The armadillo (  Dasipodidae  ) is the only mammal that contains a shell. This unusual beast is native to the southwest of America and Mexico. Its name comes from the Spanish word meaning “little armadillo,” which is a good name for these well-protected creatures.

The armadillo’s skin begins to soften when the armadillo is a baby. As the animal grows, the shell becomes thicker and stiffer. The shell is made of keratin and fossilized bone. Although it offers strong protection, the armadillo’s shell does not cover the animal’s underside.

If you’ve ever watched nature shows, you’ve probably seen a menacing armadillo rolled into a ball of body armor. In fact, only a three-banded armadillo can do this. The nine-banded armadillo must fight or make its way to a safe place underground.

The nine-banded armadillo is a land mammal of Texas. You can see these small tanks at the Fort Worth Zoo and the Dallas Zoo. At Bristol Zoo in the UK. The armadillo has six bands.

No. 1: Radiant Turtle

The beautiful Radiant Dome Tortoiseshell never loses its unique style.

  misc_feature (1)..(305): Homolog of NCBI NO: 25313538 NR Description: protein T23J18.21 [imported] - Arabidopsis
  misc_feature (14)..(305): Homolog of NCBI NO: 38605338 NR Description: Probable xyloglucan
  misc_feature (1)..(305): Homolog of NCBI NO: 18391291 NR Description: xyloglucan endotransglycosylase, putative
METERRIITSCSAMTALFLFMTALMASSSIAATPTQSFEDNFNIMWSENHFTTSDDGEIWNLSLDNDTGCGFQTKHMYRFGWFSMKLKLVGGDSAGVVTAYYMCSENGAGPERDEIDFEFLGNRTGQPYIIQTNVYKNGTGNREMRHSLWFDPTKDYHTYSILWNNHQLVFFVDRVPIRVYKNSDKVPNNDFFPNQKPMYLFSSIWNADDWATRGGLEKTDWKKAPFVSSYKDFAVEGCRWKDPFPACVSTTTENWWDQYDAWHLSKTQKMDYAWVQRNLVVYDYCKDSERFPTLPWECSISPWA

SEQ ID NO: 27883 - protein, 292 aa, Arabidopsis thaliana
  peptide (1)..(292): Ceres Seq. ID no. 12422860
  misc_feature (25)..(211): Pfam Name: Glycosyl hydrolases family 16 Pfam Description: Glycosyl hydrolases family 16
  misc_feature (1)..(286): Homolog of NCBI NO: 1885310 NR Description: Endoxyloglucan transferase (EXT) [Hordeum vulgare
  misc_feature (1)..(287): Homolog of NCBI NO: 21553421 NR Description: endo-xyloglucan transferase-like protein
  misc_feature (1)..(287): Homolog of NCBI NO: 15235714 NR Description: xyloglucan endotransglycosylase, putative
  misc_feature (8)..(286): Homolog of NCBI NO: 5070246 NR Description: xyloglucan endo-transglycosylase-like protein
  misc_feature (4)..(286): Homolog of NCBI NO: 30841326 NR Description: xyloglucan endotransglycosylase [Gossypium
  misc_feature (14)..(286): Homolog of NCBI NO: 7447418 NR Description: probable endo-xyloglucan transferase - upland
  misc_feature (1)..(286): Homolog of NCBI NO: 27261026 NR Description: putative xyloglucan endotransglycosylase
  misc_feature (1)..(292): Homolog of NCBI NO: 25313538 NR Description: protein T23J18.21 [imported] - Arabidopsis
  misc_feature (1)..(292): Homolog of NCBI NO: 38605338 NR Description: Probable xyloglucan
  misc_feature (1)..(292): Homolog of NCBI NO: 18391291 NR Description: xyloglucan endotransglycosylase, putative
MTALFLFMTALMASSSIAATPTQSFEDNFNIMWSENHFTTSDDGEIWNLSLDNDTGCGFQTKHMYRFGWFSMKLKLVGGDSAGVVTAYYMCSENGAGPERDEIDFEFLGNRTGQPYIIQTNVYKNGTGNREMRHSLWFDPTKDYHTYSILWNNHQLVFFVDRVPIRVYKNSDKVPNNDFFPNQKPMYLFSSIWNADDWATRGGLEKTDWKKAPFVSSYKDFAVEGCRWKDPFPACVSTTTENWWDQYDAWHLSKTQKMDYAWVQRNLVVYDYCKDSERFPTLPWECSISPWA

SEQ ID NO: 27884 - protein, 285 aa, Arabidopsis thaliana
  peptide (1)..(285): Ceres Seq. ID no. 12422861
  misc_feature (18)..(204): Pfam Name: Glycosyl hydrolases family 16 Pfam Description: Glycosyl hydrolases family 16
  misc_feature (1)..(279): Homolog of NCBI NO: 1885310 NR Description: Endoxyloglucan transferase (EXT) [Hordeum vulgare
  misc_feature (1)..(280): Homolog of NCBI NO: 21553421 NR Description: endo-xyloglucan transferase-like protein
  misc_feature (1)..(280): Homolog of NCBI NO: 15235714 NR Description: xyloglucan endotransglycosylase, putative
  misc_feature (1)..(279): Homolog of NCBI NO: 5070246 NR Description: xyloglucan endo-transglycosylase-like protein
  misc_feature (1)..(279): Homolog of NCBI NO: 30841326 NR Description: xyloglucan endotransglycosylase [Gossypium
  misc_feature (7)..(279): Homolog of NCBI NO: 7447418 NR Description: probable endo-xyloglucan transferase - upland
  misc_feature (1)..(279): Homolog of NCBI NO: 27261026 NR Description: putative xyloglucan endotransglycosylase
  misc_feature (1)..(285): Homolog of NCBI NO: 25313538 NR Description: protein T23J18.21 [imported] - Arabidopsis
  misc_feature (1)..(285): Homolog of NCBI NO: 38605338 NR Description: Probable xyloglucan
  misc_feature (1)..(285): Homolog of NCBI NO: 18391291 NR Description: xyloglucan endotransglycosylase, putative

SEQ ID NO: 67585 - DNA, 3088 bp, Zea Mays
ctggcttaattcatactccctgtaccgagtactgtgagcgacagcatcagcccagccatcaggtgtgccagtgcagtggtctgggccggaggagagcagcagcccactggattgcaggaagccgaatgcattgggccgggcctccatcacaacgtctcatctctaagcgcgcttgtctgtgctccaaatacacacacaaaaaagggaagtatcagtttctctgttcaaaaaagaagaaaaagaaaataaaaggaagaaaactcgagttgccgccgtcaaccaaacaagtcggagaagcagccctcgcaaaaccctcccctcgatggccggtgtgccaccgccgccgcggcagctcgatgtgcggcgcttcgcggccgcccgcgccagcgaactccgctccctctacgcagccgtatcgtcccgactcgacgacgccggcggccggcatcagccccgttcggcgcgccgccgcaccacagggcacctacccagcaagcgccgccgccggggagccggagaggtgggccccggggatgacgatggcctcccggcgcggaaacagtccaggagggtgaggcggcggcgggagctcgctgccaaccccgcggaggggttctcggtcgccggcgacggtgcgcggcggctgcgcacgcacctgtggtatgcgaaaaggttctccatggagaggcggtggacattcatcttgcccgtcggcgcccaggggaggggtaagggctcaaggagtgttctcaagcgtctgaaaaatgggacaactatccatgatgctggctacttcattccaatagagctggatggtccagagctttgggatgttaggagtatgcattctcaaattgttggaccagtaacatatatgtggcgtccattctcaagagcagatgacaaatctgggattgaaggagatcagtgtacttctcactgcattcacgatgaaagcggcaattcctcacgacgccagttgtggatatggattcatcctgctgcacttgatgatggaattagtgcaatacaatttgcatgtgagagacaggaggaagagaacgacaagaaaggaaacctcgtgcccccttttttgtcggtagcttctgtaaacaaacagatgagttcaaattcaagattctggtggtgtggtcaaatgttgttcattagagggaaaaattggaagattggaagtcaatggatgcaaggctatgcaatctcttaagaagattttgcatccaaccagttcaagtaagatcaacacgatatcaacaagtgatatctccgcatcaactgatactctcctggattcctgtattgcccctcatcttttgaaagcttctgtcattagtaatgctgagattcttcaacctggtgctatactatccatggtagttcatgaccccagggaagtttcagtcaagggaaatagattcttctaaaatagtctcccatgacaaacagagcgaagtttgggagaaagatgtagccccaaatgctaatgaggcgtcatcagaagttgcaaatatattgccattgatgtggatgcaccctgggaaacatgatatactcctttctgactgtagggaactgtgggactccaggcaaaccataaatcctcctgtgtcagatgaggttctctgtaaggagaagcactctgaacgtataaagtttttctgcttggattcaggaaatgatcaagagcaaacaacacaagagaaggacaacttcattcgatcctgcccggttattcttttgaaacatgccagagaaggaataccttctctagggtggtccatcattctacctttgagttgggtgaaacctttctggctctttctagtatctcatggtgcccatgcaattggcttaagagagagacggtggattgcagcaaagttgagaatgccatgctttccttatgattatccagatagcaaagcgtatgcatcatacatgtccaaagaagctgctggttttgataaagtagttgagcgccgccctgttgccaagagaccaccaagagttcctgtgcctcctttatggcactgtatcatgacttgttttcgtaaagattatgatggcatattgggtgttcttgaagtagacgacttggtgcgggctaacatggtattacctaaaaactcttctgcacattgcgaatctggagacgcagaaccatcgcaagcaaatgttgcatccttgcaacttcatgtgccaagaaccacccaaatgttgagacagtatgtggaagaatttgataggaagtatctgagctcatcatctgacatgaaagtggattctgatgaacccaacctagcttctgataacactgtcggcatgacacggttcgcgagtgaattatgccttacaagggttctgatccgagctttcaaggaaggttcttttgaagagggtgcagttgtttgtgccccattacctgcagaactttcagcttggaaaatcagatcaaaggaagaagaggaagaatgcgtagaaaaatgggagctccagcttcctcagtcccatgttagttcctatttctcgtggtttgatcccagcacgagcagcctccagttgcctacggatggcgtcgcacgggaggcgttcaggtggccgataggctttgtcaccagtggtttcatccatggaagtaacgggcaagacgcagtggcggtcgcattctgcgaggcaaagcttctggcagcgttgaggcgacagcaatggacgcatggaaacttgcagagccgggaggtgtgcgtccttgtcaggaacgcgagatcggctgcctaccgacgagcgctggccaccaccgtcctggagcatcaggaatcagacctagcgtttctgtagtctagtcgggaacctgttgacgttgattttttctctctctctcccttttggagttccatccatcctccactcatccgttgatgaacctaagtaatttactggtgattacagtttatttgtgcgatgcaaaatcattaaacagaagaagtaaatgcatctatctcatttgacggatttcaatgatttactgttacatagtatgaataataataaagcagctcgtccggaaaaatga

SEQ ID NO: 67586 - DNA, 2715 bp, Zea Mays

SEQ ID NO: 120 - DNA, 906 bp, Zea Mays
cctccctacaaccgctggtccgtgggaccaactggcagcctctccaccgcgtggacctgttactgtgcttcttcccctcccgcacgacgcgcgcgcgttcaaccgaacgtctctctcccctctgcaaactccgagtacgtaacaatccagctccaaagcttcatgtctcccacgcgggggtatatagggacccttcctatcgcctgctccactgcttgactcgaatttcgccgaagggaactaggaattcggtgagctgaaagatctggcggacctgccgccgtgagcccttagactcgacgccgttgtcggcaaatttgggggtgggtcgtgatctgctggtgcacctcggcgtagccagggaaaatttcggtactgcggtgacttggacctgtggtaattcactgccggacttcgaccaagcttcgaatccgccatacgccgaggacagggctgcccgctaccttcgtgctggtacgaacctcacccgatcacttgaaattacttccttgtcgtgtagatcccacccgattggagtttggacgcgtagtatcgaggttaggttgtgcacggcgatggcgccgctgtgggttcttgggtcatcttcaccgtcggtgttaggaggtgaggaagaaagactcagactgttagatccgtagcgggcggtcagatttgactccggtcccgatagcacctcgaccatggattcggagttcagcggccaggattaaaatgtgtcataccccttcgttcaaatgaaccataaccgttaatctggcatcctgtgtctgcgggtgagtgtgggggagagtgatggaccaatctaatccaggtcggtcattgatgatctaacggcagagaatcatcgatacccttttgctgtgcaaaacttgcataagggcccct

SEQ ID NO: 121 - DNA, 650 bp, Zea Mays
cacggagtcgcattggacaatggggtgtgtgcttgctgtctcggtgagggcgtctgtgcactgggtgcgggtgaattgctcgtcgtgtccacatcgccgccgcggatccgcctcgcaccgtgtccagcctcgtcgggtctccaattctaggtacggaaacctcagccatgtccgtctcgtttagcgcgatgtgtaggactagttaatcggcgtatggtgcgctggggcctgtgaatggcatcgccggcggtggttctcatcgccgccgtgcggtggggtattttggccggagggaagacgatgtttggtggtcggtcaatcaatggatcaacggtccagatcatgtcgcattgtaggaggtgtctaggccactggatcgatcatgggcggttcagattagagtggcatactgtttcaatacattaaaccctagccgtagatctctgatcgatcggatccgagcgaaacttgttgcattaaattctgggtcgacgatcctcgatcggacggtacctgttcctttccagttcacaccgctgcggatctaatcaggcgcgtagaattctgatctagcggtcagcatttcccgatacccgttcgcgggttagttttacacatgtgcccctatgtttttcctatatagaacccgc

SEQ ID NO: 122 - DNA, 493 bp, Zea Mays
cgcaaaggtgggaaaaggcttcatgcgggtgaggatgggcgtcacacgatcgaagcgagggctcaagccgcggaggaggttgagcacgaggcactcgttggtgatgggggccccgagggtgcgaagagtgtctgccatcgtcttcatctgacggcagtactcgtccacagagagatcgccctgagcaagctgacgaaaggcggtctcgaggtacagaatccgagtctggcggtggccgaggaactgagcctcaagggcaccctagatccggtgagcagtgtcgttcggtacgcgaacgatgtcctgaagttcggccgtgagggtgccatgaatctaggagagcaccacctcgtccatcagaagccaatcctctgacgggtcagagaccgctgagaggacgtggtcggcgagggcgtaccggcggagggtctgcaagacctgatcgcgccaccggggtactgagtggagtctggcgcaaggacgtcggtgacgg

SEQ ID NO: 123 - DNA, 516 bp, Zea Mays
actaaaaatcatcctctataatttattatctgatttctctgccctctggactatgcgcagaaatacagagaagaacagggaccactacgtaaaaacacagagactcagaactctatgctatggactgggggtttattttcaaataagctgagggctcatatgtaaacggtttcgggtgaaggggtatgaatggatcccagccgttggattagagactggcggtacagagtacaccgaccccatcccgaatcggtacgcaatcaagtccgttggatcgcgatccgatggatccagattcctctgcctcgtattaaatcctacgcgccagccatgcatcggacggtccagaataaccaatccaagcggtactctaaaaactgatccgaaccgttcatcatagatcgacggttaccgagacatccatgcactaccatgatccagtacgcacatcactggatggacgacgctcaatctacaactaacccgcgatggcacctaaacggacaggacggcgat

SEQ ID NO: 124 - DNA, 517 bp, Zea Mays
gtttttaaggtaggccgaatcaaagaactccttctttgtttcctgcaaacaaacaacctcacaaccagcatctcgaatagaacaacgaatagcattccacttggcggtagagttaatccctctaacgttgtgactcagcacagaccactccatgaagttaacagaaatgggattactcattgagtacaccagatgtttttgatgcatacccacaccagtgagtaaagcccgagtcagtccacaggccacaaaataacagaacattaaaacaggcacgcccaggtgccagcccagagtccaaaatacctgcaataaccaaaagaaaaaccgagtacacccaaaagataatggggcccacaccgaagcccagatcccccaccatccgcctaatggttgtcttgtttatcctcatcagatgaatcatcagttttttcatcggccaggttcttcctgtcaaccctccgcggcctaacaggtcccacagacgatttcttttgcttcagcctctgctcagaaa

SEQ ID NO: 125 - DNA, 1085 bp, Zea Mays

One of the rarest turtles in the world, the Radiant Tortoise is famous for its amazingly beautiful shell. Its bright yellow markings form a sharp pattern on the dark background. As the tortoise gets older, the bright colors get paler but never lose their unique pattern.

The habitat of the radiant turtle is Madagascar, but it has been introduced to the islands of Mauritius and Reunion. It lives in forests and dry forests.

The radioactive turtle mostly eats grass, leaves, flowers and fruits. During the dry season, it lives on dried leaves.
These turtles are famous for their “rain dance” when they shake themselves to get rid of wetness and debris from their shells. They can live from 40 to 100 years in the wild, and one tortoise lives in captivity until the year 188.

Like many turtles, radioactive tortoises are endangered by habitat loss, hunting, and the illegal pet trade.

The Radiant tortoise is a primate or bedrock species, which means that conservation of the species benefits many other species. Radioactive turtles are protected in Madagascar and under international law.

You can see these rare, beautiful turtles at the National Zoo in Washington, DC., the Knoxville Zoo, and other zoos. Zoo Atlanta is working with the Turtle Survival Alliance to bring rescued and hunted turtles back to the wild. The Turtle Conservation Area at the St. Louis Zoo is home to more than 9,000 rescued radioactive tortoises.